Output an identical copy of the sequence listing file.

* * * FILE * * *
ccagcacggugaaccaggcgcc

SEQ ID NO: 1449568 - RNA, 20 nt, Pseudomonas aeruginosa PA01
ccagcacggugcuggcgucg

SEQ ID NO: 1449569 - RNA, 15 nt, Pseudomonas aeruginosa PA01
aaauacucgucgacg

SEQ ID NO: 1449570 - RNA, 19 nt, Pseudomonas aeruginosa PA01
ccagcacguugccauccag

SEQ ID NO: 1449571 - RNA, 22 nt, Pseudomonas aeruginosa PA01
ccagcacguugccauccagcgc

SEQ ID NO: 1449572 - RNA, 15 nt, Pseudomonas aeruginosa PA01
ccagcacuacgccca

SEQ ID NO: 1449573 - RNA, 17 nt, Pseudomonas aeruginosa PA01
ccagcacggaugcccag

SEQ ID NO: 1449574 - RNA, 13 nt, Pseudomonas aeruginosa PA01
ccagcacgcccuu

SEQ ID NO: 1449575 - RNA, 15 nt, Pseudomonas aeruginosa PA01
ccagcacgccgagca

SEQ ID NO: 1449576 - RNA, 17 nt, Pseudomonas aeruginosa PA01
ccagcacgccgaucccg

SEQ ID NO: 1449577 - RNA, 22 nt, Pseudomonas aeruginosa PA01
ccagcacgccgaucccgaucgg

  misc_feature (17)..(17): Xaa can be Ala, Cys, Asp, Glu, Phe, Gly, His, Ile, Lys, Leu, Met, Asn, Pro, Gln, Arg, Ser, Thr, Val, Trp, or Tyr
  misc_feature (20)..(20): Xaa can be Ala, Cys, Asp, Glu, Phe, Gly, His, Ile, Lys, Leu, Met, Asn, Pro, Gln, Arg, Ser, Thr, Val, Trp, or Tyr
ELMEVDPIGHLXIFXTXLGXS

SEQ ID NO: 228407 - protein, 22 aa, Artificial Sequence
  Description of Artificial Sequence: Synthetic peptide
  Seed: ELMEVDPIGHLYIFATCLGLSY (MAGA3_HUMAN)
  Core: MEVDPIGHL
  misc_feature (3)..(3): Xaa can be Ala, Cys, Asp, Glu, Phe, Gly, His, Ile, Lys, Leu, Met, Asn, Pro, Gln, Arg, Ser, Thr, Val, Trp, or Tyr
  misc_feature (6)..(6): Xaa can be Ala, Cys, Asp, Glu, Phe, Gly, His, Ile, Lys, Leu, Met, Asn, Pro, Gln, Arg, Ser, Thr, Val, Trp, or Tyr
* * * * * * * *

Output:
ccagcacggugaaccaggcgcc

SEQ ID NO: 1449568 - RNA, 20 nt, Pseudomonas aeruginosa PA01
ccagcacggugcuggcgucg

SEQ ID NO: 1449569 - RNA, 15 nt, Pseudomonas aeruginosa PA01
aaauacucgucgacg

SEQ ID NO: 1449570 - RNA, 19 nt, Pseudomonas aeruginosa PA01
ccagcacguugccauccag

SEQ ID NO: 1449571 - RNA, 22 nt, Pseudomonas aeruginosa PA01
ccagcacguugccauccagcgc

SEQ ID NO: 1449572 - RNA, 15 nt, Pseudomonas aeruginosa PA01
ccagcacuacgccca

SEQ ID NO: 1449573 - RNA, 17 nt, Pseudomonas aeruginosa PA01
ccagcacggaugcccag

SEQ ID NO: 1449574 - RNA, 13 nt, Pseudomonas aeruginosa PA01
ccagcacgcccuu

SEQ ID NO: 1449575 - RNA, 15 nt, Pseudomonas aeruginosa PA01
ccagcacgccgagca

SEQ ID NO: 1449576 - RNA, 17 nt, Pseudomonas aeruginosa PA01
ccagcacgccgaucccg

SEQ ID NO: 1449577 - RNA, 22 nt, Pseudomonas aeruginosa PA01
ccagcacgccgaucccgaucgg

  misc_feature (17)..(17): Xaa can be Ala, Cys, Asp, Glu, Phe, Gly, His, Ile, Lys, Leu, Met, Asn, Pro, Gln, Arg, Ser, Thr, Val, Trp, or Tyr
  misc_feature (20)..(20): Xaa can be Ala, Cys, Asp, Glu, Phe, Gly, His, Ile, Lys, Leu, Met, Asn, Pro, Gln, Arg, Ser, Thr, Val, Trp, or Tyr
ELMEVDPIGHLXIFXTXLGXS

SEQ ID NO: 228407 - protein, 22 aa, Artificial Sequence
  Description of Artificial Sequence: Synthetic peptide
  Seed: ELMEVDPIGHLYIFATCLGLSY (MAGA3_HUMAN)
  Core: MEVDPIGHL
  misc_feature (3)..(3): Xaa can be Ala, Cys, Asp, Glu, Phe, Gly, His, Ile, Lys, Leu, Met, Asn, Pro, Gln, Arg, Ser, Thr, Val, Trp, or Tyr
  misc_feature (6)..(6): Xaa can be Ala, Cys, Asp, Glu, Phe, Gly, His, Ile, Lys, Leu, Met, Asn, Pro, Gln, Arg, Ser, Thr, Val, Trp, or Tyr